The causes of the recession largely originated in the United States, particularly related to the real-estate market, though choices made by other nations contributed as well. The Great Recession was related to the financial crisis of 2007–08 and U. Under the academic definition, the recession ended in the United States in June or July 2009. Wallison of the American Enterprise Institute (AEI) primarily blamed U. housing policy, including the actions of Fannie & Freddie, for the crisis. The recession was not felt evenly around the world. It concluded that "the crisis was avoidable and was caused by: There were two Republican dissenting FCIC reports.When house prices declined, ushering in the global financial crisis, many households saw their wealth shrink relative to their debt, and, with less income and more unemployment, found it harder to meet mortgage payments.By the end of 2011, real house prices had fallen from their peak by about 41% in Ireland, 29% in Iceland, 23% in Spain and the United States, and 21% in Denmark.That IMF definition requires a decline in annual real world GDP per‑capita. shadow banking system (i.e., non-depository financial institutions such as investment banks) had grown to rival the depository system yet was not subject to the same regulatory oversight, making it vulnerable to a bank run. Many of these securities were backed by subprime mortgages, which collapsed in value when the U. housing bubble burst during 2006 and homeowners began to default on their mortgage payments in large numbers starting in 2007. He wrote: "When the bubble began to deflate in mid-2007, the low quality and high risk loans engendered by government policies failed in unprecedented numbers.Despite the fact that quarterly data are being used as recession definition criteria by all G20 members, representing 85% of the world GDP, the International Monetary Fund (IMF) has decided—in the absence of a complete data set—not to declare/measure global recessions according to quarterly GDP data. National Bureau of Economic Research (the official arbiter of U. recessions) the recession began in December 2007 and ended in June 2009, and thus extended over eighteen months. US mortgage-backed securities, which had risks that were hard to assess, were marketed around the world, as they offered higher yields than U. The emergence of sub-prime loan losses in 2007 began the crisis and exposed other risky loans and over-inflated asset prices. During a period of strong global growth, growing capital flows, and prolonged stability earlier this decade, market participants sought higher yields without an adequate appreciation of the risks and failed to exercise proper due diligence.China, India, Abu Dhabi, Saudi Arabia made a lot of money and banked it." Describing the crisis in Europe, Paul Krugman wrote in February 2012 that: "What we're basically looking at, then, is a balance of payments problem, in which capital flooded south after the creation of the euro, leading to overvaluation in southern Europe." Another narrative about the origin has been focused on the respective parts played by the public monetary policy (in the US notably) and by the practices of private financial institutions. S., mortgage funding was unusually decentralised, opaque, and competitive, and it is believed that competition between lenders for revenue and market share contributed to declining underwriting standards and risky lending. Changes in Household Debt as a percentage of GDP for 1989-2016.While Alan Greenspan's role as Chairman of the Federal Reserve has been widely discussed (the main point of controversy remains the lowering of the Federal funds rate to 1% for more than a year, which, according to Austrian theorists, injected huge amounts of "easy" credit-based money into the financial system and created an unsustainable economic boom), there is also the argument that Greenspan's actions in the years 2002–2004 were actually motivated by the need to take the U. economy out of the early 2000s recession caused by the bursting of the dot-com bubble—although by doing so he did not help avert the crisis, but only postpone it. Homeowners paying down debt for 2009-2012 was a headwind to the recovery.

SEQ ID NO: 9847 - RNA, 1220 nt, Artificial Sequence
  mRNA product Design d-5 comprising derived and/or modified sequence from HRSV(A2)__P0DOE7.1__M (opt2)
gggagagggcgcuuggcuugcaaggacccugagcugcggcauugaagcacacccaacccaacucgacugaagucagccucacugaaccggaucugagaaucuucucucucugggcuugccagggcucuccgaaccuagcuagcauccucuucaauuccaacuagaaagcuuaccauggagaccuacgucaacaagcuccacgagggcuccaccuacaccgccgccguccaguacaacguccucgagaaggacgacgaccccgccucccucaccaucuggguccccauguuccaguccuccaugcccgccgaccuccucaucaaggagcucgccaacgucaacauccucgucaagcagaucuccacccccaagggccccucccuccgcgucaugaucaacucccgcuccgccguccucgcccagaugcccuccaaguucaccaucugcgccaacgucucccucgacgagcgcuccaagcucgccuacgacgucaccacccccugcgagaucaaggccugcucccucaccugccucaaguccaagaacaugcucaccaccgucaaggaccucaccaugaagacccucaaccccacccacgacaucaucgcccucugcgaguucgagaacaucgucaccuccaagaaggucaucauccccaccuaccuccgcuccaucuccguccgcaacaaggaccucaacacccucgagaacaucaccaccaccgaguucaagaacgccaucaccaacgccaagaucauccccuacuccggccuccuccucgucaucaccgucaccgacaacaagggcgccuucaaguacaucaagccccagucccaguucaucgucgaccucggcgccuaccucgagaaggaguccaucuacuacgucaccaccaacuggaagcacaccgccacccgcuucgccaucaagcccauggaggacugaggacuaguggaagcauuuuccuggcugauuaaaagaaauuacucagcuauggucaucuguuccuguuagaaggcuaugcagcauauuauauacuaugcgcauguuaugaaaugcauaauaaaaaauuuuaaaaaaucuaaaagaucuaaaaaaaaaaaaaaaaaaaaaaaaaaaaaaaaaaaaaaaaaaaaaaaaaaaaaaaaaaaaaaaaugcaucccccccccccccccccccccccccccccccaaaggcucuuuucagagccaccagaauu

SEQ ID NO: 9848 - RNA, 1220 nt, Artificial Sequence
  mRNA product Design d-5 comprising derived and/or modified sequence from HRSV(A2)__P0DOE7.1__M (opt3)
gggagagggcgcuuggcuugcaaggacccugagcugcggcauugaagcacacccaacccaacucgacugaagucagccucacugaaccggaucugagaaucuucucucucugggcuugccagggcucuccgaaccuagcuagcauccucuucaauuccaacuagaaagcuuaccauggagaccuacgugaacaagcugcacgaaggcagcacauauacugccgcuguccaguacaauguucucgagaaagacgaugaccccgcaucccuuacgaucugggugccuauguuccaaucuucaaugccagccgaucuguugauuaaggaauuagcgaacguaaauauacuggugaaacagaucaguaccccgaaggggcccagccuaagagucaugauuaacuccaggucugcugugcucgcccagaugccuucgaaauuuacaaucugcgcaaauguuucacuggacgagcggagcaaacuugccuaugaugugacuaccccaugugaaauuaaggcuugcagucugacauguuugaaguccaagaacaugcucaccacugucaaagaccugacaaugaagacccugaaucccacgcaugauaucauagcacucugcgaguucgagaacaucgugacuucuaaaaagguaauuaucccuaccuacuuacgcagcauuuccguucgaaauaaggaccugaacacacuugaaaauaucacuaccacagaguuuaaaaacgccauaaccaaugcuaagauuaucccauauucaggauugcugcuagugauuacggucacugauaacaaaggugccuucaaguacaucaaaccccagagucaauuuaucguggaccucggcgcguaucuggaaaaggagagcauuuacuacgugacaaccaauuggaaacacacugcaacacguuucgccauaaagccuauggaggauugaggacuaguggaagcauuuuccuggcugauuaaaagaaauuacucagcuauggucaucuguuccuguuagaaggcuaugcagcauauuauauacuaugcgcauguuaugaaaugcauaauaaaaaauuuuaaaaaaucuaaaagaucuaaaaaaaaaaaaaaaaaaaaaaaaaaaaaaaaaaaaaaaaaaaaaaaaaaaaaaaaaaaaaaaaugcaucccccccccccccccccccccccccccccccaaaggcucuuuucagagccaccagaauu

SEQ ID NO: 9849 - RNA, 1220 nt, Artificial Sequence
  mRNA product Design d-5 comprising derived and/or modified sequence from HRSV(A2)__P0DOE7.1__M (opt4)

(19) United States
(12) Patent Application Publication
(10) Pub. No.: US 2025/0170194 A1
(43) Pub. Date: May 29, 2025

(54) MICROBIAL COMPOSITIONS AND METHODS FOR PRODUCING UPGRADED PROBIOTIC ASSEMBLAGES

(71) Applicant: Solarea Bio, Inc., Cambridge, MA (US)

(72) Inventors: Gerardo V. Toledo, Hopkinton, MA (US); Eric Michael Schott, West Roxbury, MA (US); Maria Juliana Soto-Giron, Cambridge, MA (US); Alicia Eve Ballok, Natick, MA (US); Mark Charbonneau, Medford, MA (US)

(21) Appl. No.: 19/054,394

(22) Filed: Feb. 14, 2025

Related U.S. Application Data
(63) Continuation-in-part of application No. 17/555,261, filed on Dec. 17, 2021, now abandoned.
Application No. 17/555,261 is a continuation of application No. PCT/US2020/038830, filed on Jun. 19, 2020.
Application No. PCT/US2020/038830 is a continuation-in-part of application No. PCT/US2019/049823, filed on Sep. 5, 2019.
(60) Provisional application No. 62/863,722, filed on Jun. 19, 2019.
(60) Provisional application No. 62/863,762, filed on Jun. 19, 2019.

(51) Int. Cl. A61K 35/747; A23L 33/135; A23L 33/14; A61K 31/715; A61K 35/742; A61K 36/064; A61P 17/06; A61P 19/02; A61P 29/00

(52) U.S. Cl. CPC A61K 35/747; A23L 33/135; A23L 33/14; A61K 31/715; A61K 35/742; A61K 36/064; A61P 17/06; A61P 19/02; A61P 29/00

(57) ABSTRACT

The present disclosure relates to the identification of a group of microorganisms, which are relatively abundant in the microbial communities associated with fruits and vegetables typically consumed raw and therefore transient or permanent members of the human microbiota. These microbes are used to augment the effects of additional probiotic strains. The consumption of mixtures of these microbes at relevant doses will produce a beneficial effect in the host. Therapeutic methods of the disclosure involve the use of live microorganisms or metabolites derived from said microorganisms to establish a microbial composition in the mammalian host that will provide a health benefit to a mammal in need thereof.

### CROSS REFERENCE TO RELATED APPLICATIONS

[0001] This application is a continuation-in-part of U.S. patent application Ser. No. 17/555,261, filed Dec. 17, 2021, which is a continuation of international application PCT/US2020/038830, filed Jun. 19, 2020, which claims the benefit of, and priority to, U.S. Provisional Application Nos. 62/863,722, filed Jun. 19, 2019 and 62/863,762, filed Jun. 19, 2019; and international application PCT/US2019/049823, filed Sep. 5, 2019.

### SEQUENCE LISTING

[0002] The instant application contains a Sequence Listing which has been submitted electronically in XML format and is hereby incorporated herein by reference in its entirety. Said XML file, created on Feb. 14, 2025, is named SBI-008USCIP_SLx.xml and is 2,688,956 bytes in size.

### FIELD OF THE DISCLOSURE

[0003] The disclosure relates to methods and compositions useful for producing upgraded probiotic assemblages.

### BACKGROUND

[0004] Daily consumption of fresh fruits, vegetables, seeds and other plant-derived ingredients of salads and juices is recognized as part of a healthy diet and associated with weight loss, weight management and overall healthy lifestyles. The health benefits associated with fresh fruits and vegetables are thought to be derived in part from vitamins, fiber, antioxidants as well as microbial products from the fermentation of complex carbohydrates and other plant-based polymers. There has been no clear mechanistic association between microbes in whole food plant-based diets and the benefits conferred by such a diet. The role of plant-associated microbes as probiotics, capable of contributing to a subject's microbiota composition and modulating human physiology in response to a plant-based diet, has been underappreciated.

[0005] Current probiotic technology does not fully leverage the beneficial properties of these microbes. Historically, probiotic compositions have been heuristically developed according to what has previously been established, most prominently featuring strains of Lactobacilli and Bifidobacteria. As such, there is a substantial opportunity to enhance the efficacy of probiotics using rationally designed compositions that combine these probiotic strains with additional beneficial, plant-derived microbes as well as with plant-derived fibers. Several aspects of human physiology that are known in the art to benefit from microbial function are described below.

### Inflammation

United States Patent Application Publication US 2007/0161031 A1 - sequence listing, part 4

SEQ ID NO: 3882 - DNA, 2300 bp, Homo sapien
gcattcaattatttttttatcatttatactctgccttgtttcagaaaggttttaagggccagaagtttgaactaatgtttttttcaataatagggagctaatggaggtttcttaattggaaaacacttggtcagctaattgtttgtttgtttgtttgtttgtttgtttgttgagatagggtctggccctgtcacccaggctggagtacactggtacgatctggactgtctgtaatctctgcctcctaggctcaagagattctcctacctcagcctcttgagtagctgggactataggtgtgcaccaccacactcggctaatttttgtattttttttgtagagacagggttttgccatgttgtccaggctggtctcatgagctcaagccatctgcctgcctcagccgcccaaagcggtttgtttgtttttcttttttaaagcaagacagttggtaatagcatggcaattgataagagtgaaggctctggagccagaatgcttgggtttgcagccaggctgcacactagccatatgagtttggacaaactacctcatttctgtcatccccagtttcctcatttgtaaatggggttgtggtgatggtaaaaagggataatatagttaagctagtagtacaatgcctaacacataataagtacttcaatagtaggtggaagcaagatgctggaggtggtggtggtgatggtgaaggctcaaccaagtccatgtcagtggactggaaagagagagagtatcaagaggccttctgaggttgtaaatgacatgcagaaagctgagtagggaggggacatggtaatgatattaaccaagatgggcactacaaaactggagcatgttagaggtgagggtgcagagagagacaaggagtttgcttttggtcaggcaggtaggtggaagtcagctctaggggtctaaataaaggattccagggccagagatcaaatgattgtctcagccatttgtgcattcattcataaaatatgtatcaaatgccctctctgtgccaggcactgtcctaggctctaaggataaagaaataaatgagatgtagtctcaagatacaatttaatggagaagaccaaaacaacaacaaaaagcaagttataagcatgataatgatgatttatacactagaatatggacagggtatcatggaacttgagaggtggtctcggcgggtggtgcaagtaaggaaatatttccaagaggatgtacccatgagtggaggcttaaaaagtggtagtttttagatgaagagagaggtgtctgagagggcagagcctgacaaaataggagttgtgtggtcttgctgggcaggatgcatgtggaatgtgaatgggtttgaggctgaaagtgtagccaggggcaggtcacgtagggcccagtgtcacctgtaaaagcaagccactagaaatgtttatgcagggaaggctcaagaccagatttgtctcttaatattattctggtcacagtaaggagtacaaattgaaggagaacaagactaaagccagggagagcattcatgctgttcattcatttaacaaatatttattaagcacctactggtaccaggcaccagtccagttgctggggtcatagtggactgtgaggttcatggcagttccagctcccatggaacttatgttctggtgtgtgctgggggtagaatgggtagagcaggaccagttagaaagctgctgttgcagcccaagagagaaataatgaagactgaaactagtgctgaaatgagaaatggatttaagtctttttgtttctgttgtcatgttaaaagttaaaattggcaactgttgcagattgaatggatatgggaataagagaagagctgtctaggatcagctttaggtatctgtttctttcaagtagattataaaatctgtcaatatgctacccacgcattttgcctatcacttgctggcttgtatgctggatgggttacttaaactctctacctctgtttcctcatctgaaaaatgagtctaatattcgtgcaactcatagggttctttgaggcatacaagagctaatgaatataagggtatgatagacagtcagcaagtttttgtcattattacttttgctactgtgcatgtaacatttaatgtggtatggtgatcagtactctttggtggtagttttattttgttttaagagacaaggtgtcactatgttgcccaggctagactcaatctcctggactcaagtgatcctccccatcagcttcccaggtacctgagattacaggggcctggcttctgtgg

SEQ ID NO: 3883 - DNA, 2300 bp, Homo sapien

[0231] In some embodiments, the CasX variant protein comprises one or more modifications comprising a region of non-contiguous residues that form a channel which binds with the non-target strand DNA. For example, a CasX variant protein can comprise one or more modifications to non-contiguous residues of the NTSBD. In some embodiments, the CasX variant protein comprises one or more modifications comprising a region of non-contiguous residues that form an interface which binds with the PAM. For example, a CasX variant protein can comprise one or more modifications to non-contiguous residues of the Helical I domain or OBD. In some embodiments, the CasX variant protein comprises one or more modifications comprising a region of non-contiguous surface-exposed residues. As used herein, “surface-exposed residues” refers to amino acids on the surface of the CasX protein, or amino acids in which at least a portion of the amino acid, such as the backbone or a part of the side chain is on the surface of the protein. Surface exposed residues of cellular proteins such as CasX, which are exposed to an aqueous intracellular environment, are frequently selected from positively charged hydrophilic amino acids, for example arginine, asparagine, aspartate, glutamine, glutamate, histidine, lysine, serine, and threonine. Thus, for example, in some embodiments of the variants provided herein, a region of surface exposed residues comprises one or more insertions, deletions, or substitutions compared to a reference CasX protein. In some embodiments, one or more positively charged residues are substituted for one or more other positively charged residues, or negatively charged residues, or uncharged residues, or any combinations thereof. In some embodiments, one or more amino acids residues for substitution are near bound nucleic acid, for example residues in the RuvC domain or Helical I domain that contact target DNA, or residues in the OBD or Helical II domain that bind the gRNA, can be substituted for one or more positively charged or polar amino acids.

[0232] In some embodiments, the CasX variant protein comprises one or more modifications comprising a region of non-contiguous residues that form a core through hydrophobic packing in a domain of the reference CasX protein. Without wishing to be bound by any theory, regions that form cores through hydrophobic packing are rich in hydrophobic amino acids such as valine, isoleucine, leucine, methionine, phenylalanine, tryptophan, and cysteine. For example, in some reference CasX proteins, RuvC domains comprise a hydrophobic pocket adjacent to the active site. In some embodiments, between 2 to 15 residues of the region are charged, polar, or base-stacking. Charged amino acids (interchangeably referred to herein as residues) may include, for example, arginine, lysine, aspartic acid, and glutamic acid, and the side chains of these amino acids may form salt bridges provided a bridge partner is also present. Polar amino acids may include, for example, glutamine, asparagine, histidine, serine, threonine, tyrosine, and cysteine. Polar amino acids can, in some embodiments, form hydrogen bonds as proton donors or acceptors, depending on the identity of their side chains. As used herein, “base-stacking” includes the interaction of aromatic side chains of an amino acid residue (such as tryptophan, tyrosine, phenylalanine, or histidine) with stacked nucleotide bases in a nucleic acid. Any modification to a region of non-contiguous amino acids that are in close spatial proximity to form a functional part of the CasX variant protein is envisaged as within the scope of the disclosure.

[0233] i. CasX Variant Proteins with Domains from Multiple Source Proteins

Faced with increasing mortgage payments as their adjustable rate mortgage payments increased, households began to default in record numbers, rendering mortgage-backed securities worthless.Household defaults, underwater mortgages (where the loan balance exceeds the house value), foreclosures, and fire sales are now endemic to a number of economies.Household deleveraging by paying off debts or defaulting on them has begun in some countries.Several analysts, such as Peter Wallison and Edward Pinto of the American Enterprise Institute, have asserted that private lenders were encouraged to relax lending standards by government affordable housing policies.They cite The Housing and Community Development Act of 1992, which initially required that 30 percent or more of Fannie's and Freddie's loan purchases be related to affordable housing.The Great Recession (2007–2013) was a period of general economic decline observed in world markets during the late 2000s and early 2010s. Whereas most of the world's developed economies, particularly in North America and Europe, fell into a definitive recession, many of the newer developed economies suffered far less impact, particularly China and India whose economies grew substantially during this period. One of them, signed by three Republican appointees, concluded that there were multiple causes.The scale and timing of the recession varied from country to country. National Bureau of Economic Research (the official arbiter of U. recessions) the recession, as experienced in that country, began in December 2007 and ended in June 2009, thus extending over 19 months. The Great Recession resulted in the scarcity of valuable assets in the market economy and the collapse of the financial sector (banks) in the world economy. and the academic sense used most often in economics, which is defined operationally, referring specifically to the contraction phase of a business cycle, with two or more consecutive quarters of GDP contraction. In his separate dissent to the majority and minority opinions of the FCIC, Commissioner Peter J.A surge in household debt to historic highs also occurred in emerging economies such as Estonia, Hungary, Latvia, and Lithuania.The concurrent boom in both house prices and the stock market meant that household debt relative to assets held broadly stable, which masked households' growing exposure to a sharp fall in asset prices.The seasonally adjusted PPP‑weighted real GDP for the G20‑zone, however, is a good indicator for the world GDP, and it was measured to have suffered a direct quarter on quarter decline during the three quarters from Q3‑2008 until Q1‑2009, which more accurately mark when the recession took place at the global level. With loan losses mounting and the fall of Lehman Brothers on September 15, 2008, a major panic broke out on the inter-bank loan market. Traditional (fractional reserve) banking assets: trillion. At the same time, weak underwriting standards, unsound risk management practices, increasingly complex and opaque financial products, and consequent excessive leverage combined to create vulnerabilities in the system.There was the equivalent of a bank run on the shadow banking system, resulting in many large and well established investment and commercial banks in the United States and Europe suffering huge losses and even facing bankruptcy, resulting in massive public financial assistance (government bailouts). Policy-makers, regulators and supervisors, in some advanced countries, did not adequately appreciate and address the risks building up in financial markets, keep pace with financial innovation, or take into account the systemic ramifications of domestic regulatory actions.